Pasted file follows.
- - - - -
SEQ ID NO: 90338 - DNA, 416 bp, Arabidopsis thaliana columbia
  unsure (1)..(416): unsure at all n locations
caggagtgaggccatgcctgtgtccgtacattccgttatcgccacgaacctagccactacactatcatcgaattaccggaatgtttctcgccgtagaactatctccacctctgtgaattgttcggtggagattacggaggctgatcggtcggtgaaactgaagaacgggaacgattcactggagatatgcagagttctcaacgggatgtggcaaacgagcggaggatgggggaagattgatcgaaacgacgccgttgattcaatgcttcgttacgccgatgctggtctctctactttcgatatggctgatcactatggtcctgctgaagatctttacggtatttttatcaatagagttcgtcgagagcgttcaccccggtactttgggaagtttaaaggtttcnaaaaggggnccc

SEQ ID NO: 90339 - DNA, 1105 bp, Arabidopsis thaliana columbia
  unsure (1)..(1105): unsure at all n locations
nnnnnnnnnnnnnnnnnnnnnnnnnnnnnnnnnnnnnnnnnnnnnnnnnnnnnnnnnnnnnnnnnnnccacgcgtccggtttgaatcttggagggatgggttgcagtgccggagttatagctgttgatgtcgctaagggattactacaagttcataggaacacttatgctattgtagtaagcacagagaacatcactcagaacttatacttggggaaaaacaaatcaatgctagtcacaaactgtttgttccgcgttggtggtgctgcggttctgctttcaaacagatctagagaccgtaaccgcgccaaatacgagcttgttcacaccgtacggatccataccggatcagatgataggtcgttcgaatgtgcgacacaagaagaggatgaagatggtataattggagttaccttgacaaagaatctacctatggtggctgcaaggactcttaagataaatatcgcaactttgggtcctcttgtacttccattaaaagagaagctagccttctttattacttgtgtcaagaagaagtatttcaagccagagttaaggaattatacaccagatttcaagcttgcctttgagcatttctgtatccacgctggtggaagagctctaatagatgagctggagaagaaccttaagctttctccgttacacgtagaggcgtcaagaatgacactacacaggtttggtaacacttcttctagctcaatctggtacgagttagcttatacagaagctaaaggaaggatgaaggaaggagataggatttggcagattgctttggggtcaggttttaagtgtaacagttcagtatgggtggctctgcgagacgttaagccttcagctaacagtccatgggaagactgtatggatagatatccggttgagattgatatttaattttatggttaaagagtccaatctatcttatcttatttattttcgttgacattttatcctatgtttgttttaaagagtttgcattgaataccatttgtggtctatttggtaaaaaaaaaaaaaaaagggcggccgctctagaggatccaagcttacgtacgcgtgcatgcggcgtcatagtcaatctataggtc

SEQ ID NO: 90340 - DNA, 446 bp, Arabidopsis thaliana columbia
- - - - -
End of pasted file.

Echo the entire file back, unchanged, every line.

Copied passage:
SEQ ID NO: 90338 - DNA, 416 bp, Arabidopsis thaliana columbia
  unsure (1)..(416): unsure at all n locations
caggagtgaggccatgcctgtgtccgtacattccgttatcgccacgaacctagccactacactatcatcgaattaccggaatgtttctcgccgtagaactatctccacctctgtgaattgttcggtggagattacggaggctgatcggtcggtgaaactgaagaacgggaacgattcactggagatatgcagagttctcaacgggatgtggcaaacgagcggaggatgggggaagattgatcgaaacgacgccgttgattcaatgcttcgttacgccgatgctggtctctctactttcgatatggctgatcactatggtcctgctgaagatctttacggtatttttatcaatagagttcgtcgagagcgttcaccccggtactttgggaagtttaaaggtttcnaaaaggggnccc

SEQ ID NO: 90339 - DNA, 1105 bp, Arabidopsis thaliana columbia
  unsure (1)..(1105): unsure at all n locations
nnnnnnnnnnnnnnnnnnnnnnnnnnnnnnnnnnnnnnnnnnnnnnnnnnnnnnnnnnnnnnnnnnnccacgcgtccggtttgaatcttggagggatgggttgcagtgccggagttatagctgttgatgtcgctaagggattactacaagttcataggaacacttatgctattgtagtaagcacagagaacatcactcagaacttatacttggggaaaaacaaatcaatgctagtcacaaactgtttgttccgcgttggtggtgctgcggttctgctttcaaacagatctagagaccgtaaccgcgccaaatacgagcttgttcacaccgtacggatccataccggatcagatgataggtcgttcgaatgtgcgacacaagaagaggatgaagatggtataattggagttaccttgacaaagaatctacctatggtggctgcaaggactcttaagataaatatcgcaactttgggtcctcttgtacttccattaaaagagaagctagccttctttattacttgtgtcaagaagaagtatttcaagccagagttaaggaattatacaccagatttcaagcttgcctttgagcatttctgtatccacgctggtggaagagctctaatagatgagctggagaagaaccttaagctttctccgttacacgtagaggcgtcaagaatgacactacacaggtttggtaacacttcttctagctcaatctggtacgagttagcttatacagaagctaaaggaaggatgaaggaaggagataggatttggcagattgctttggggtcaggttttaagtgtaacagttcagtatgggtggctctgcgagacgttaagccttcagctaacagtccatgggaagactgtatggatagatatccggttgagattgatatttaattttatggttaaagagtccaatctatcttatcttatttattttcgttgacattttatcctatgtttgttttaaagagtttgcattgaataccatttgtggtctatttggtaaaaaaaaaaaaaaaagggcggccgctctagaggatccaagcttacgtacgcgtgcatgcggcgtcatagtcaatctataggtc

SEQ ID NO: 90340 - DNA, 446 bp, Arabidopsis thaliana columbia